An Innovative Approach to Mitigate Vehicular Emission through Roadside Greeneries: A Case Study on Arterial Roads of Dhaka City


With the surge of human population, the need for transportation of goods and people also concomitantly increases, resulting in urban air pollution through emission from motorized traffic especially in developing countries. The extent of environmental pollution in an urban setting is significantly influenced by the pollutants of vehicular fuel combustion. Many effective measures are required in cities to sequester carbon thereby helping to reduce automobile pollution. Roadside greeneries can serve as ecological elements which reduce the concentration of pollutants from vehicular emissions by their direct involvement in absorbing vehicular emitted carbon. In this context, in this study an attempt has been taken to assess contribution of roadside greeneries in absorbing vehicular carbon dioxide emission. A case study has been conducted on arterial roads of mega city Dhaka to quantify the vehicular carbon emission and correlate it with roadside trees to absorb the emitted carbon dioxide. It is noted that in Dhaka city, carbon dioxide is accounted for more than ninety percent of air pollution. To achieve our goals, two busiest arterial roads (namely Mirpur Road and Rokeya Shoroni Road) were taken into account to quantify vehicular carbon emission as well as assess carbon absorption by roadside greeneries. Carbon absorption by different sizes of trees has been quantified using the amount of woody biomass. In addition, absorption by grass-shrubs-herbs has been quantified by the area they cover. The results thus obtained show that indeed the road with more side greeneries absorbs more vehicular emitted carbon dioxide. It is therefore evident that plantation of more roadside trees is an effective measure of reducing air pollution and consequently turning a city to become healthier and more suitable for living.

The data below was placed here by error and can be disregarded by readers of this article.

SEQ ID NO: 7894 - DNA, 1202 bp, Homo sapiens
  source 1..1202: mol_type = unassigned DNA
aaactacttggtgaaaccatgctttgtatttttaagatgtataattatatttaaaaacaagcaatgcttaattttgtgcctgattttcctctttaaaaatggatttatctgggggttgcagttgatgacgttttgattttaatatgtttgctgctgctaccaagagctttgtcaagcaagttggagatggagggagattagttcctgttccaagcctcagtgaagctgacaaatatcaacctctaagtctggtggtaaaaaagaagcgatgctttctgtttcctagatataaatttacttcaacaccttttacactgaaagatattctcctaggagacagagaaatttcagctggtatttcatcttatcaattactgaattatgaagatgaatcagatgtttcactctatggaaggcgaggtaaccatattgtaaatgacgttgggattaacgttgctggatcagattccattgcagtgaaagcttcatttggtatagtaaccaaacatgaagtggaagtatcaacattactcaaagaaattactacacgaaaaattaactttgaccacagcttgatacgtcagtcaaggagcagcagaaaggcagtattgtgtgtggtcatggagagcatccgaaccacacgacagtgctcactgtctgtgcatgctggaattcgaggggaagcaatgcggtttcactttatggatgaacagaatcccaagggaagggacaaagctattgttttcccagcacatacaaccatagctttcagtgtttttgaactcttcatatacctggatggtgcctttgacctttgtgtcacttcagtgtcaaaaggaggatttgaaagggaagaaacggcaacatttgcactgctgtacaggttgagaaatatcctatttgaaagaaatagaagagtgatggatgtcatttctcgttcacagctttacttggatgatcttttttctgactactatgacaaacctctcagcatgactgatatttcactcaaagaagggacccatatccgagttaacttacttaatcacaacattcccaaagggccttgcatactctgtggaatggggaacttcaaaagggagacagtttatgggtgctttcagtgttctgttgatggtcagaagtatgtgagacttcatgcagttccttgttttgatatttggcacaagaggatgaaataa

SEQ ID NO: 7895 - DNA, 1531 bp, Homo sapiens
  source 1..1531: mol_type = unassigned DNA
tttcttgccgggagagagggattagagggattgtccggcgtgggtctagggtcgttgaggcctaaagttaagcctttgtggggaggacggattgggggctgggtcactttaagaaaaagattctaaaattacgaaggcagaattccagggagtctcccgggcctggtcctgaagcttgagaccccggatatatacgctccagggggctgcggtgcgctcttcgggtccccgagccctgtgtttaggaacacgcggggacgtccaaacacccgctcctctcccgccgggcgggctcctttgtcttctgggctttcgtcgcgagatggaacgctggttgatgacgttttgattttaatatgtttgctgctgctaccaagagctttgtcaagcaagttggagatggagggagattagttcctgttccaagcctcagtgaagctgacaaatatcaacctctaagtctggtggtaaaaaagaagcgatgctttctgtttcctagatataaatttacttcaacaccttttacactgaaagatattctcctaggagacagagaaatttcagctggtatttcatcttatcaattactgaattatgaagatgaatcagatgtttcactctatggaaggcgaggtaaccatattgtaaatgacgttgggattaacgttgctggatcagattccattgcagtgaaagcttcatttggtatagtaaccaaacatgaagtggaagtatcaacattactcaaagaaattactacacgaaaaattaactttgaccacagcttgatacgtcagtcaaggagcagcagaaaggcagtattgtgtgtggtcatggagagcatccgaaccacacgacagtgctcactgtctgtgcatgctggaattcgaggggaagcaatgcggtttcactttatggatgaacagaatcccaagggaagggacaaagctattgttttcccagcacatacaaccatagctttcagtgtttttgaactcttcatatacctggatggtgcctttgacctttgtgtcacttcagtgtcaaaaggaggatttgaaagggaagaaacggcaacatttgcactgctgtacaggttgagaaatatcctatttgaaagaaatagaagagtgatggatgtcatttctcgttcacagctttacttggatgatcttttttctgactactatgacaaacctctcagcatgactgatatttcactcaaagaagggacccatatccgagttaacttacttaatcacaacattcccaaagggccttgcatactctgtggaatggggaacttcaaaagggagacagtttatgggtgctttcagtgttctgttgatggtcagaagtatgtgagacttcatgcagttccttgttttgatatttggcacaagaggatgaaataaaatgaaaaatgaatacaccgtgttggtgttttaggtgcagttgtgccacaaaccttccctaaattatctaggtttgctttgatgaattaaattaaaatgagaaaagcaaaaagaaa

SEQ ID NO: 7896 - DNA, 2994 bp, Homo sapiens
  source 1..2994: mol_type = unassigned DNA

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M. Nigar Neema and J. Jahan, "An Innovative Approach to Mitigate Vehicular Emission through Roadside Greeneries: A Case Study on Arterial Roads of Dhaka City," Journal of Data Analysis and Information Processing, Vol. 2 No. 1, 2014, pp. 32-39. doi: 10.4236/jdaip.2014.21005.

Conflicts of Interest

The authors declare no conflicts of interest.


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